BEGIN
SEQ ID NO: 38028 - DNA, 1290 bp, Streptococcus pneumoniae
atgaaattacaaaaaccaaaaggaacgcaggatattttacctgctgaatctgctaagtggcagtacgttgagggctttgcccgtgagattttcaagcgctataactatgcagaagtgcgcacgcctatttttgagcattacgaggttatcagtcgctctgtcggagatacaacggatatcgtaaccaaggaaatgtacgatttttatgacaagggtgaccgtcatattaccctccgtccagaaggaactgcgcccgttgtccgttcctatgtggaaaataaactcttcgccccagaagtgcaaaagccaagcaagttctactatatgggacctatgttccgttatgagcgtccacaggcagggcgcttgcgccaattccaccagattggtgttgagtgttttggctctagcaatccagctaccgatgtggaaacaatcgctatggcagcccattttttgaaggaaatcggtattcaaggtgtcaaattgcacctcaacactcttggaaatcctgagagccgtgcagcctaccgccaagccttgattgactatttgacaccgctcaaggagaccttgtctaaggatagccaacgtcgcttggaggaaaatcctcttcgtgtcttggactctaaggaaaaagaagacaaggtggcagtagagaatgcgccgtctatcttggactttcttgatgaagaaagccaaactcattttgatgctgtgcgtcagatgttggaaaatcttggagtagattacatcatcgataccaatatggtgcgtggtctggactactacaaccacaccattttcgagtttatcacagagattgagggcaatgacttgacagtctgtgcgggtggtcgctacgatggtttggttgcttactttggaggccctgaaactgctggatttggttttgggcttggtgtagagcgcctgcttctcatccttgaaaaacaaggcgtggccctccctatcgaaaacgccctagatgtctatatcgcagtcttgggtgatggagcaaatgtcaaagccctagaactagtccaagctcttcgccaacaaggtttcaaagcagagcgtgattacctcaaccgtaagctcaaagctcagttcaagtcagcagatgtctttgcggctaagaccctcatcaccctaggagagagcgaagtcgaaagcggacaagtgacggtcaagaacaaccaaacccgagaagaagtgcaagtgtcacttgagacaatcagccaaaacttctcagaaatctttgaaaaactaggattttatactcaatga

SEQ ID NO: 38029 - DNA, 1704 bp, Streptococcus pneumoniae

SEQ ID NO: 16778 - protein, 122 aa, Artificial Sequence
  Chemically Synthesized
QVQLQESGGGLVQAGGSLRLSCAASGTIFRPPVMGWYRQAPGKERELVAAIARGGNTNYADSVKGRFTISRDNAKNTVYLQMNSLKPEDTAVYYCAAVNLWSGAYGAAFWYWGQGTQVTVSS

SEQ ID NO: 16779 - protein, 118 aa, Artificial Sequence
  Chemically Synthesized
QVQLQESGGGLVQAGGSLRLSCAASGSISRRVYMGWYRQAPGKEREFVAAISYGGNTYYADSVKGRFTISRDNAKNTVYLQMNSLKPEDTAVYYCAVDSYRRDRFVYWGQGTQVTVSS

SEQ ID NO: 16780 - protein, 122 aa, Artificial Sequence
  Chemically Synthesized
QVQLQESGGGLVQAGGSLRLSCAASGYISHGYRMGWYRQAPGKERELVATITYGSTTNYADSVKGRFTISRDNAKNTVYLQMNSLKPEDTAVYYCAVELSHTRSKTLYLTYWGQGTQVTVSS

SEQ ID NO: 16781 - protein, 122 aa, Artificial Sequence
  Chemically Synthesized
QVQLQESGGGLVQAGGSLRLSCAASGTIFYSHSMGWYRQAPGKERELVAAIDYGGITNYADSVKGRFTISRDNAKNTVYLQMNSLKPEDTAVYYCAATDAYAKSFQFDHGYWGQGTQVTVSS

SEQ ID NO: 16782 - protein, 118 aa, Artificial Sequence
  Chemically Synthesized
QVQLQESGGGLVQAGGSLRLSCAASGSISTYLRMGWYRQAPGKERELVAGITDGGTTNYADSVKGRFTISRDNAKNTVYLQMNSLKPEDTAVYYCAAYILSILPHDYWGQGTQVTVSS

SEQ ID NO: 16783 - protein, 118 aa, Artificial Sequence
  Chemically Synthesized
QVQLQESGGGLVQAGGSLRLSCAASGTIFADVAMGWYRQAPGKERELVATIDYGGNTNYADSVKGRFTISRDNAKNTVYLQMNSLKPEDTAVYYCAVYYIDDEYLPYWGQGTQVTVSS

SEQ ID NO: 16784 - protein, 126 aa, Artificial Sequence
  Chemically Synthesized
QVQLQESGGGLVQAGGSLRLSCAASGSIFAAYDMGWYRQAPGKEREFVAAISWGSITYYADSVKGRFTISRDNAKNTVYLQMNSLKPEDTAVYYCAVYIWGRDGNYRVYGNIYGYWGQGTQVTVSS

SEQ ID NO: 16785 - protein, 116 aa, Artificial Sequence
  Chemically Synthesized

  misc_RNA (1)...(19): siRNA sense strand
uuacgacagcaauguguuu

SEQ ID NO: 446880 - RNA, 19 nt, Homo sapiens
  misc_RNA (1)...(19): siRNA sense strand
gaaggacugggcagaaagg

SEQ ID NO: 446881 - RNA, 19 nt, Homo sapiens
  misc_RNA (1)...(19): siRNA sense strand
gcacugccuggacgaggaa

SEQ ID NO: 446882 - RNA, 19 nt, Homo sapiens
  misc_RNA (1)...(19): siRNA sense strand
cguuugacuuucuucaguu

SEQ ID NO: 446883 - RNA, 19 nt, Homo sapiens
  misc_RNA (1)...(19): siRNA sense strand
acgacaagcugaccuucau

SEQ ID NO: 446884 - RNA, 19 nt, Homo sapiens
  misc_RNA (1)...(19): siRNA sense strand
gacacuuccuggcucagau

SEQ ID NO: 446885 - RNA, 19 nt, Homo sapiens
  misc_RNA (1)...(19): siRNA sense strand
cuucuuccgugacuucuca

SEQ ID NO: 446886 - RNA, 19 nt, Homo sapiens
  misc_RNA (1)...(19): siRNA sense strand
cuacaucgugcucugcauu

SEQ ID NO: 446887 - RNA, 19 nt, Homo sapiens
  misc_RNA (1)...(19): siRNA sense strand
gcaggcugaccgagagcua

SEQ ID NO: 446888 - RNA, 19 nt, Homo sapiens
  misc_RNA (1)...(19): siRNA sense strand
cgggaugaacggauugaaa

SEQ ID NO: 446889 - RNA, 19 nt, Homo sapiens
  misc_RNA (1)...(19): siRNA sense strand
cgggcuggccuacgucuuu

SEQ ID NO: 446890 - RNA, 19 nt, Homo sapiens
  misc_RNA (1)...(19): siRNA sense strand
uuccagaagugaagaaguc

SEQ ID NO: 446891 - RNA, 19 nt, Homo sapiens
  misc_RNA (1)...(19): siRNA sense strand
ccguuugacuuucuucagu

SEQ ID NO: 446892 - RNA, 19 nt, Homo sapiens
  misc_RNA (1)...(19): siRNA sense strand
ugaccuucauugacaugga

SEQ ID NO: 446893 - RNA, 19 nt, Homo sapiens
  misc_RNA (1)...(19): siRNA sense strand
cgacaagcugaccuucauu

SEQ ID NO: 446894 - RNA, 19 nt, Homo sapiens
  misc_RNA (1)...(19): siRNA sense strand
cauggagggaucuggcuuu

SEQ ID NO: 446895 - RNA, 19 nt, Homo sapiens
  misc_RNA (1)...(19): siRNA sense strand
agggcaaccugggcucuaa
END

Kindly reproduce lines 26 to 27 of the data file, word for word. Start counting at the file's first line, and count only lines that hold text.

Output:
  Chemically Synthesized

  misc_RNA (1)...(19): siRNA sense strand